Poll: Who's the More Horrible Media Troll, Richard Cohen or Lori Gottlieb?
It's been quite a week for people writing what appear to be deliberately stupid editorials, but then, isn't it always? Earlier this week, the internet was in an uproar over Richard Cohen, Washington Post columnist and musty old bigot, who finds a new way to bum us out almost every Tuesday. As a reminder: the last time Cohen seriously upset people was with a column on Travyon Martin, suggesting that he did deserve to be profiled and maybe murdered a little, since he was, after all, young, black, and wearing a hoodie. And who could forget Cohen's delightful piece on Roman Polanski, who, after all, merely "had sex with a 13-year-old after plying her with booze" and obviously did not deserve any silly old rape charge?
Image via Washington Post Contestant 1: Richard Cohen
But Tuesday's column was a last straw for a lot of folks. Amid a mumbling piece about how the Tea Party doesn't like Chris Christie, thus making him un-electable as president, Cohen busted out this nugget, about how the rightwing sees Mayor-elect Bill de Blasio:
Today's GOP is not racist, as Harry Belafonte alleged about the tea party, but it is deeply troubled -- about the expansion of government, about immigration, about secularism, about the mainstreaming of what used to be the avant-garde. People with conventional views must repress a gag reflex when considering the mayor-elect of New York -- a white man married to a black woman and with two biracial children. (Should I mention that Bill de Blasio's wife, Chirlane McCray, used to be a lesbian?) This family represents the cultural changes that have enveloped parts -- but not all -- of America. To cultural conservatives, this doesn't look like their country at all.
To a lot of people, it sounded like Cohen was the one with "conventional views," needing to supress his upchuck response every time he thinks about a white man with a black wife. Many pointed out that those views haven't been "conventional" for several decades, and thought gagging at someone's children was, you know, in poor taste.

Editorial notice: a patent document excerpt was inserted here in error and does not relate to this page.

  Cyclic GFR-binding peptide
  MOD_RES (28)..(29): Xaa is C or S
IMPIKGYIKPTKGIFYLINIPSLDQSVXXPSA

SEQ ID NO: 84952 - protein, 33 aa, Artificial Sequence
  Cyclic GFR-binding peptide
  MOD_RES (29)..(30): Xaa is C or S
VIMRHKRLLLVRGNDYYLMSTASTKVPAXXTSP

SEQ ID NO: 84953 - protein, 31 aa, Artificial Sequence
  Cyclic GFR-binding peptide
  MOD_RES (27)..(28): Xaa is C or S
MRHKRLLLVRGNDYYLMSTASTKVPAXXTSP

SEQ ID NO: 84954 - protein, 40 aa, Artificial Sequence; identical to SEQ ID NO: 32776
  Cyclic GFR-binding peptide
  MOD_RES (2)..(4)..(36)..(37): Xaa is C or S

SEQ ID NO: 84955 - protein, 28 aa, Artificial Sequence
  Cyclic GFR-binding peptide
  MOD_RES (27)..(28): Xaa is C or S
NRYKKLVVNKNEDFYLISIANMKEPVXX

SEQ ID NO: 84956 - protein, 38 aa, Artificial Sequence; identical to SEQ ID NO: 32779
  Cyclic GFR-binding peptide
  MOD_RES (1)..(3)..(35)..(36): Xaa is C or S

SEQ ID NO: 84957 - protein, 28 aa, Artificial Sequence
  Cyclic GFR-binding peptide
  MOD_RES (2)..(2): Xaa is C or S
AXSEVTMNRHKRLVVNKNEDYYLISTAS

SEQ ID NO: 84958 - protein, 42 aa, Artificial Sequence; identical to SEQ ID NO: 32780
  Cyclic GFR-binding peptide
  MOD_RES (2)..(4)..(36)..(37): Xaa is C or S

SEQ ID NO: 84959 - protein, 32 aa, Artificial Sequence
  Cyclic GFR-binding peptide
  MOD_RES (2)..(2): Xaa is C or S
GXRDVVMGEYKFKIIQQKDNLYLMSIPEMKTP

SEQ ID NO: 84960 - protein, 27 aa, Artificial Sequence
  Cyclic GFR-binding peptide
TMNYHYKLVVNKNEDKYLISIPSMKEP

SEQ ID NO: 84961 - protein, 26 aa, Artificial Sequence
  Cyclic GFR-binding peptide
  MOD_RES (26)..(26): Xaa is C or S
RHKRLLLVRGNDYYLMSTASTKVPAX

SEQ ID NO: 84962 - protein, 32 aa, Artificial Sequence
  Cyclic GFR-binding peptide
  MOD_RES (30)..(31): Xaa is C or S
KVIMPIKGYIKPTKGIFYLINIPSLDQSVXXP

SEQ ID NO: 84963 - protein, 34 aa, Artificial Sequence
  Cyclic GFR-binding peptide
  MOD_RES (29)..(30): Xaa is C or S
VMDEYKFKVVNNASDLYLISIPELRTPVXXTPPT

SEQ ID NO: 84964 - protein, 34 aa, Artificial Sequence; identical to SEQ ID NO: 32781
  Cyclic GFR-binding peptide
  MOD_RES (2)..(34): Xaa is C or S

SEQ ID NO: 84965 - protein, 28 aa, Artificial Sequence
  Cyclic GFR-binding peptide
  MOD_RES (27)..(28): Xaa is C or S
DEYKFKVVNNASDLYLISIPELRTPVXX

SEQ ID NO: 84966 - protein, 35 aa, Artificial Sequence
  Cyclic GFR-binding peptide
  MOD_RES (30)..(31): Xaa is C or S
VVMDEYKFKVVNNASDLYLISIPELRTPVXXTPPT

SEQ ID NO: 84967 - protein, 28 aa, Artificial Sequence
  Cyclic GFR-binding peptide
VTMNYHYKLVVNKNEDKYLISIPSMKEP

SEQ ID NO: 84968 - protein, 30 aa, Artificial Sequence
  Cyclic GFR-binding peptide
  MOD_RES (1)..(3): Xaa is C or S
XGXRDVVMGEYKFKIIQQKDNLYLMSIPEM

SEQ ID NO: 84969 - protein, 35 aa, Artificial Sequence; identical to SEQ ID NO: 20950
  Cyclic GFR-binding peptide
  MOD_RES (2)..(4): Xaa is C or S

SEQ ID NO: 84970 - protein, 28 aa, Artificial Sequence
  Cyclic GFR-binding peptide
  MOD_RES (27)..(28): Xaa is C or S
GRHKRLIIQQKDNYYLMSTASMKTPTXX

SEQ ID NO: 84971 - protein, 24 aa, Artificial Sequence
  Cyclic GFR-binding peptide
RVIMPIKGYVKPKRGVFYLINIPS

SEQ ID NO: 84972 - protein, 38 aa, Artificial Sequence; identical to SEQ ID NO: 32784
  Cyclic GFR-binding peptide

Cohen has defended the column, telling the Huffington Post, "The column is about Tea Party extremism and I was not expressing my views, I was expressing the views of what I think some people in the Tea Party held." To suggest that he's racist, he added, is "truly hurtful. It's not who I am. It's not who I ever was. It's just not fair. It's just not right."
WaPo editorial page editor Fred Hiatt also took a little blame, telling The Wrap, "Anyone reading Richard's entire column will see he is just saying that some Americans still have a hard time dealing with interracial marriage. I erred in not editing that one sentence more carefully to make sure it could not be misinterpreted." That didn't stop the flood of internet commentary calling for Cohen's head, as well as the incredible speed and popularity of the #FireRichardCohen hashtag on Twitter. As many people pointed out, it was far from Cohen's first time at the Offensive Olympics.
"Context cannot improve this," wrote Ta-Nehisi Coates at the Atlantic. "'Context' is not a safe word that makes all your other horse-shit statements disappear. And horse-shit is the context in which Richard Cohen has, for all these years, wallowed."
And yet, try as he might, Cohen's entry into the Idiotic Editorial Hall of Fame doesn't totally eclipse this week's earlier entrant, Lori Gottlieb, who wrote a less openly offensive but in some ways, much more trollish op-ed in the New York Times on November 11.